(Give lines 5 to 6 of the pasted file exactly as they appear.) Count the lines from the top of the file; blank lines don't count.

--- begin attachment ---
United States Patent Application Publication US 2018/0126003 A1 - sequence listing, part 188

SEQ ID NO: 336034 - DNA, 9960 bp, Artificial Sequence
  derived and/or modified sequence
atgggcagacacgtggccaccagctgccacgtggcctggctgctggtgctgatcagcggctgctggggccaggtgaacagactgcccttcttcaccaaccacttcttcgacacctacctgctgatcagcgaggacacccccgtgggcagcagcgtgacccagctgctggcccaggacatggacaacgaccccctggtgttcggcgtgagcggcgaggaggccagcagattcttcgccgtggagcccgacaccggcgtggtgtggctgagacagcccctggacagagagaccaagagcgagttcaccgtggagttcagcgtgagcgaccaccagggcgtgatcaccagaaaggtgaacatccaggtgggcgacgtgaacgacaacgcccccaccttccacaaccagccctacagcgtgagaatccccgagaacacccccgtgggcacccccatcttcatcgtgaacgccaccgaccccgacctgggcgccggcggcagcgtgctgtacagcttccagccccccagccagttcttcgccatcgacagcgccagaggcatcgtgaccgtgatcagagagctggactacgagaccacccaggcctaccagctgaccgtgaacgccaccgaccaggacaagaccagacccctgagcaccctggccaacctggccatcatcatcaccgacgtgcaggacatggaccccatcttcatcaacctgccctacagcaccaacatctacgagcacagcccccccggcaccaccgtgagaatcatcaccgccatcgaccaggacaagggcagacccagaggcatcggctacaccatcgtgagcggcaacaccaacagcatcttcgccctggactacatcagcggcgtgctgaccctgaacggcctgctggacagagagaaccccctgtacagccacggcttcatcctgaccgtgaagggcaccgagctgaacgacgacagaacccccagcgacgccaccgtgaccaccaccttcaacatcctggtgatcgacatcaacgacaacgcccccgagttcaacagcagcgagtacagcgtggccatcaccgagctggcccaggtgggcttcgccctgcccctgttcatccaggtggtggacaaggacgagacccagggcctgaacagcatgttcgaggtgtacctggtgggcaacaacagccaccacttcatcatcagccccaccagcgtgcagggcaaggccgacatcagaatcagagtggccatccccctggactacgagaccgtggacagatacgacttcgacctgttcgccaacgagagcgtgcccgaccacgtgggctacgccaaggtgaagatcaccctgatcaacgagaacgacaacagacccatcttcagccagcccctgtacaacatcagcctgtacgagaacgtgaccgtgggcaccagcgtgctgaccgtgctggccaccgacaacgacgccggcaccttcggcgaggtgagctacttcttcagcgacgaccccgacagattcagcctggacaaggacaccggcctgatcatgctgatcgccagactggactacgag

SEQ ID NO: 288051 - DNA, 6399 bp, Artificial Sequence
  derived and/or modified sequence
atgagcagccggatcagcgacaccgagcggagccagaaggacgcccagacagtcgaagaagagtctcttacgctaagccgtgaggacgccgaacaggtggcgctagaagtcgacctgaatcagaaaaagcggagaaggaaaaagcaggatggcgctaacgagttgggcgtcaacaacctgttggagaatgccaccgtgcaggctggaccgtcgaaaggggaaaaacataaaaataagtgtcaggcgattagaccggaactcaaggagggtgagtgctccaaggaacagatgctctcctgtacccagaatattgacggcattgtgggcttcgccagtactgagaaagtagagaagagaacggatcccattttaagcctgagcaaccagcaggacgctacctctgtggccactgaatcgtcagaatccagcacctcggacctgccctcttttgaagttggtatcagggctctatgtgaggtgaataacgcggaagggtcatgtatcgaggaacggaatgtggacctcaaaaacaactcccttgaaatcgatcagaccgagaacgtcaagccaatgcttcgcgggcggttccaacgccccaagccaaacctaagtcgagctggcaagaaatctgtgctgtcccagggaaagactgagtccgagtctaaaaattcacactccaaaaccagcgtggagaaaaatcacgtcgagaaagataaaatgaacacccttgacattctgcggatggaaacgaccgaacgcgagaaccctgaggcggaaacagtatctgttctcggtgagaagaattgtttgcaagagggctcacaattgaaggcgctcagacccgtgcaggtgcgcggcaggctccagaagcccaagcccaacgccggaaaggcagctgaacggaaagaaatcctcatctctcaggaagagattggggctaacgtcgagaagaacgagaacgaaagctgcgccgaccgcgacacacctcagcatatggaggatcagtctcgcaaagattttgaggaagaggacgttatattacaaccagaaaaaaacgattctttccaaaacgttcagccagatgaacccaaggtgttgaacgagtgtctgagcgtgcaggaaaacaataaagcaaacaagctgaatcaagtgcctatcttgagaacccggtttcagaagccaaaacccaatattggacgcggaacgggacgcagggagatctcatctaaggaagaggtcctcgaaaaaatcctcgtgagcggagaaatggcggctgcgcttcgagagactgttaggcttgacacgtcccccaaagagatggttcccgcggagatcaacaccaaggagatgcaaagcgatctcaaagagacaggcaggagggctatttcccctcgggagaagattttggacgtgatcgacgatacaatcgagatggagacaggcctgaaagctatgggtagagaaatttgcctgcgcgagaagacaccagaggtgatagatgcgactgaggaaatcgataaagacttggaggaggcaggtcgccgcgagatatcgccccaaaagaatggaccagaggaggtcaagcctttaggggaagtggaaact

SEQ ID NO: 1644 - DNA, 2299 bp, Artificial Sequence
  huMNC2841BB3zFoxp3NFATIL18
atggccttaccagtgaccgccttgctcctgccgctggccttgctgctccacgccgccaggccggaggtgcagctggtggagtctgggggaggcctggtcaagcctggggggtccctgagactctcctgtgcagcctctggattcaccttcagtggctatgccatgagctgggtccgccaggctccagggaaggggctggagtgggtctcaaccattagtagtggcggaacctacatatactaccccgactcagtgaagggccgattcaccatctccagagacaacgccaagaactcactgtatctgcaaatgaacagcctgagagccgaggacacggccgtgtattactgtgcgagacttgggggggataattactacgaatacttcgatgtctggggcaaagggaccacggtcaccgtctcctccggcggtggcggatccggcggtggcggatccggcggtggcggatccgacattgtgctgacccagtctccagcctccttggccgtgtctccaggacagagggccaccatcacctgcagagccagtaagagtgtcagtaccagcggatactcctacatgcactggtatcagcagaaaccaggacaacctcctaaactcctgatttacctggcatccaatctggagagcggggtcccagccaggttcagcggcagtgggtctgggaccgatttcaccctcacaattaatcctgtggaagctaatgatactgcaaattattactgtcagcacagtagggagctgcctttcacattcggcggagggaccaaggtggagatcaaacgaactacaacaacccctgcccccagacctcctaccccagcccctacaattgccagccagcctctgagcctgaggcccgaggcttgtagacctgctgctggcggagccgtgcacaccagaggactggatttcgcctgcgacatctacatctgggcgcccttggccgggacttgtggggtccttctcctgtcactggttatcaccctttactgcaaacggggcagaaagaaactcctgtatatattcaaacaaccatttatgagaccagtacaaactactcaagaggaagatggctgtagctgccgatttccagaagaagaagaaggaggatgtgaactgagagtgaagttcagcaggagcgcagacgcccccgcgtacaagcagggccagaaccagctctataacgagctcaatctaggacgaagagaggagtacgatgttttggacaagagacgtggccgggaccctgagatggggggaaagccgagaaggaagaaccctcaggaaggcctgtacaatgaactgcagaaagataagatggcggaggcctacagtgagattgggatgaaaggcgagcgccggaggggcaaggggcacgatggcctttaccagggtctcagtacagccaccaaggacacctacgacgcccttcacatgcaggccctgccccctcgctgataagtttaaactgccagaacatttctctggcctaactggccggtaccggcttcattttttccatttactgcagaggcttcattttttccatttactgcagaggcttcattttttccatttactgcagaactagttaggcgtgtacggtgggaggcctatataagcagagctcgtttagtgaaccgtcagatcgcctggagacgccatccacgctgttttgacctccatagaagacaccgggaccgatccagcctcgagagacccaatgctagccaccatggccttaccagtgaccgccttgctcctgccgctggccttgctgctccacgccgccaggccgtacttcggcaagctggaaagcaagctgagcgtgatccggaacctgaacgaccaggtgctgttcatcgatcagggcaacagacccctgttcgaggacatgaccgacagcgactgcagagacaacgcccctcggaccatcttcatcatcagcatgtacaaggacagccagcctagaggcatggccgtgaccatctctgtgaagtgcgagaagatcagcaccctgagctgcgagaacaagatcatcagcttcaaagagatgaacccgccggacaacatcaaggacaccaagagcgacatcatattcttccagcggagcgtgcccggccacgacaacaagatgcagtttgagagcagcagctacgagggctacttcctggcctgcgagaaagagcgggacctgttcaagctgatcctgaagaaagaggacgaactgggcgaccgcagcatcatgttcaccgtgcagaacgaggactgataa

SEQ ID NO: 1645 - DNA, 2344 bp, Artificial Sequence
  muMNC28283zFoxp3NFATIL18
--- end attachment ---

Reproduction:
SEQ ID NO: 288051 - DNA, 6399 bp, Artificial Sequence
  derived and/or modified sequence